This week's Glenn Greenwald revelation
is that Britain's GCHQ JTRIG intelligence organization offers its agents and planners tools
with abilities to increase the search ranking of chosen web sites, “change outcome of online polls”, “masquerade Facebook Wall Posts for individuals or entire countries”, and accomplish “amplification of a given message, normally video, on popular multimedia websites (Youtube).” [more inside]
posted by XMLicious
on Jul 16, 2014 -
“The good news is that there are solutions. The weakness of mass surveillance is that it can very easily be made much more expensive through changes in technical standards: pervasive end-to-end encryption can quickly make indiscriminate surveillance impossible on a cost-effective basis. The result is that governments are likely to fall back to traditional, targeted surveillance founded upon an individualized suspicion. Governments cannot risk the discovery of their exploits by simply throwing attacks at every “endpoint,” or computer processor on the end of a network connection, in the world. Mass surveillance, passive surveillance, relies upon unencrypted or weakly encrypted communications at the global network level.
Edward Snowden submits written testimony to an EU committee investigating mass surveillance, and answers questions.
The testimony takes place 3 days ahead of his highly anticipated SXSW appearance, to take place later today. Snowden is expected to speak about privacy, security, mass surveillance programs, free speech and whistle-blowing in a rare remote video appearance before a live audience.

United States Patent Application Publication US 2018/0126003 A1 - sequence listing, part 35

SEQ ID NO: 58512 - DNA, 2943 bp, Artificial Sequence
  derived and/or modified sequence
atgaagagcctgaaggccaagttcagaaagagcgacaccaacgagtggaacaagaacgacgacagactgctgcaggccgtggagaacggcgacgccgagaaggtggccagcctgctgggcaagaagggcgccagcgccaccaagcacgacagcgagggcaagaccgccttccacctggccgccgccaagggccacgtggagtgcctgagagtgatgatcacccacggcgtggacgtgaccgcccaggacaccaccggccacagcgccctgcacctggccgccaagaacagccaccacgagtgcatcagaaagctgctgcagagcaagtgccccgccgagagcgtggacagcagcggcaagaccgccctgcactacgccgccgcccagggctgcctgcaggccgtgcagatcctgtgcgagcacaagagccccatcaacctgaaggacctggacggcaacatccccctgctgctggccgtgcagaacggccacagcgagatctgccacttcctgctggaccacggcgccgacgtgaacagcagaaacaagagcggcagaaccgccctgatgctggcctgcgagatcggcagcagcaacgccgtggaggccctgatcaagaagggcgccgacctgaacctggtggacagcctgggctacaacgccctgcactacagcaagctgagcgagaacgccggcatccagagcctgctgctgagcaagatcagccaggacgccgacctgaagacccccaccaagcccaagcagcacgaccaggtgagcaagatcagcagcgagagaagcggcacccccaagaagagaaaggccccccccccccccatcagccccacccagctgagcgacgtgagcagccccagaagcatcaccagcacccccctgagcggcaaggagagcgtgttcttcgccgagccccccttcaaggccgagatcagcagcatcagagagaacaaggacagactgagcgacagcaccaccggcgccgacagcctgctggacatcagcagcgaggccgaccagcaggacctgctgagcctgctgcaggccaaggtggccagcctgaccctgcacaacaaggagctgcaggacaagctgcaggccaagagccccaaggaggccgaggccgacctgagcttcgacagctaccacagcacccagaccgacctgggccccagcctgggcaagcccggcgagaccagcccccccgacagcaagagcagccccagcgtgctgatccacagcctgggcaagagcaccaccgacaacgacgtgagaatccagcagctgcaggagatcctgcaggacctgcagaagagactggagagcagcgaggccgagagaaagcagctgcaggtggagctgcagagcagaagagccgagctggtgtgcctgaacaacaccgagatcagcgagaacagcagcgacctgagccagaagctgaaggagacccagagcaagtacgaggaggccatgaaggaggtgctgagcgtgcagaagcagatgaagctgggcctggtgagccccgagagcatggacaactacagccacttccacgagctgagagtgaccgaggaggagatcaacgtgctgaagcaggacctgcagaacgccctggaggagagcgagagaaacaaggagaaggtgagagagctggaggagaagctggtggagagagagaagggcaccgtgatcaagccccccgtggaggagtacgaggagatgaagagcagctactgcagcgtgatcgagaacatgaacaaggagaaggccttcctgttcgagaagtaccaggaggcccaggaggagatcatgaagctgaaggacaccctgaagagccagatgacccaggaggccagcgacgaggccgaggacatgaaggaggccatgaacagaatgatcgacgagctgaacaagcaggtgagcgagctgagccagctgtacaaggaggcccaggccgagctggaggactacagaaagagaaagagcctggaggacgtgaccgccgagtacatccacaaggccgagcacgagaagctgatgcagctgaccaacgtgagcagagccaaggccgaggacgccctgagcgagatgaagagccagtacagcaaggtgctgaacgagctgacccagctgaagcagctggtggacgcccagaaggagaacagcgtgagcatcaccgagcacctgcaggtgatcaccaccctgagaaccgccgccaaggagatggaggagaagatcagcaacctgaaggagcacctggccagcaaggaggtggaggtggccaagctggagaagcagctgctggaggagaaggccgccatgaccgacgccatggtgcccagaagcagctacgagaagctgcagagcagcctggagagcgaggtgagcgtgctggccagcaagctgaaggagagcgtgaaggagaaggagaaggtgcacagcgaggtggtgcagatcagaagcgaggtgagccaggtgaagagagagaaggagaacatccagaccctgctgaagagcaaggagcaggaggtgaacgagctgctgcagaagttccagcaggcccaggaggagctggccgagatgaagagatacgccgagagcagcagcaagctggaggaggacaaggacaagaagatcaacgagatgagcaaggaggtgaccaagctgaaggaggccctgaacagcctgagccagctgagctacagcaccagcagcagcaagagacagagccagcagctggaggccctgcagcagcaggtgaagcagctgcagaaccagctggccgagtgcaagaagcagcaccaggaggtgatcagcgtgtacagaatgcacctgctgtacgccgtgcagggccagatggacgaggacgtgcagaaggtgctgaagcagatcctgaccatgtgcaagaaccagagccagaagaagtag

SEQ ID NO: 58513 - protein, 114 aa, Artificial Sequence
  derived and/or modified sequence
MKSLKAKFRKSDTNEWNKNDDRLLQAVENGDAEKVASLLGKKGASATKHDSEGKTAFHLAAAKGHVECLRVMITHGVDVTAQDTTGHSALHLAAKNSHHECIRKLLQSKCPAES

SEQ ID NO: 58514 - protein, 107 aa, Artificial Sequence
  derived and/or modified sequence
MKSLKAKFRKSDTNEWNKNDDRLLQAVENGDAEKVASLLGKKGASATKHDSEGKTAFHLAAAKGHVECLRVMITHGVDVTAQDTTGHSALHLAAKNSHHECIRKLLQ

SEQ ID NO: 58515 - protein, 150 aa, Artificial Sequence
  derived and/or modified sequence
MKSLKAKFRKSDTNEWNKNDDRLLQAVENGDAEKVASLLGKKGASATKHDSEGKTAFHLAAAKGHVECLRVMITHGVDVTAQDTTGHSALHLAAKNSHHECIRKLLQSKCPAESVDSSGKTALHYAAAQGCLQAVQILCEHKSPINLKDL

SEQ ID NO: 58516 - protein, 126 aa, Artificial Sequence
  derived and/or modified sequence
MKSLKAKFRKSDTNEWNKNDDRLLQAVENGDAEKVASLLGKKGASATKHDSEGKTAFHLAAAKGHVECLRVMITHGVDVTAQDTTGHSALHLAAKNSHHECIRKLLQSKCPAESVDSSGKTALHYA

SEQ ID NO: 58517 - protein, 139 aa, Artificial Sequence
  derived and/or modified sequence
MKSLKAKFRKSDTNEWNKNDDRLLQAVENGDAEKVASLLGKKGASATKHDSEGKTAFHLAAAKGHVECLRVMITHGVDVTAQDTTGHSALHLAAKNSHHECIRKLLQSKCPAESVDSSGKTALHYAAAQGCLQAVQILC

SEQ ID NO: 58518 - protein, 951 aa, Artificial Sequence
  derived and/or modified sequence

Kansas Congressman Mike Pompeo finds this “deeply troubling” in a letter he's sent to the organizers of the conference.
Meanwhile, people who wish to #asksnowden questions can use the hashtag on Twitter. The talk is to take place at 12pm PT, today.
posted by fantodstic
on Mar 10, 2014 -
"During his civil lawsuit against the People's Republic of China, Brian Milburn
says he never once saw one of the country's lawyers. He read no court documents from China's attorneys because they filed none. The voluminous case record at the U.S. District courthouse in Santa Ana contains a single communication from China: a curt letter to the U.S. State Department, urging that the suit be dismissed. That doesn't mean
Milburn's adversary had no contact with him." [China Mafia-Style Hack Attack Drives California Firm to Brink
posted by vidur
on Nov 28, 2012 -
If you've ever worked with the command prompt on a Unix-based computer, you're likely familiar with SSH
(Secure SHell), which is a program and a protocol that allows you (yes, you!) to securely access a remote system. While SSH has certainly earned the "Secure" portion of its namesake over the years, it's functionality as a shell has ironically received very little attention, and has begun to show signs of age and obsolescence: SSH doesn't work very well on mobile connections, and its support for Unicode
is buggy and incomplete. A group of MIT researchers think they've found solutions to these problems, and have created Mosh
as a potential successor to SSH, which fixes many of the old protocol's annoyances and shortcomings, while retaining all of SSH's security features.
posted by schmod
on Apr 12, 2012 -
He leaves his cellphone and laptop at home and instead brings "loaner" devices, which he erases before he leaves the US and wipes clean the minute he returns . In China, he disables Bluetooth and Wi-Fi , never lets his phone out of his sight and, in meetings, not only turns off his phone but also removes the battery , for fear his microphone could be turned on remotely. He connects to the Internet only through an encrypted, password-protected channel, and copies and pastes his password from a USB thumb drive. He never types in a password directly, because, he said, "Chinese are very good at installing key-logging software on your laptop."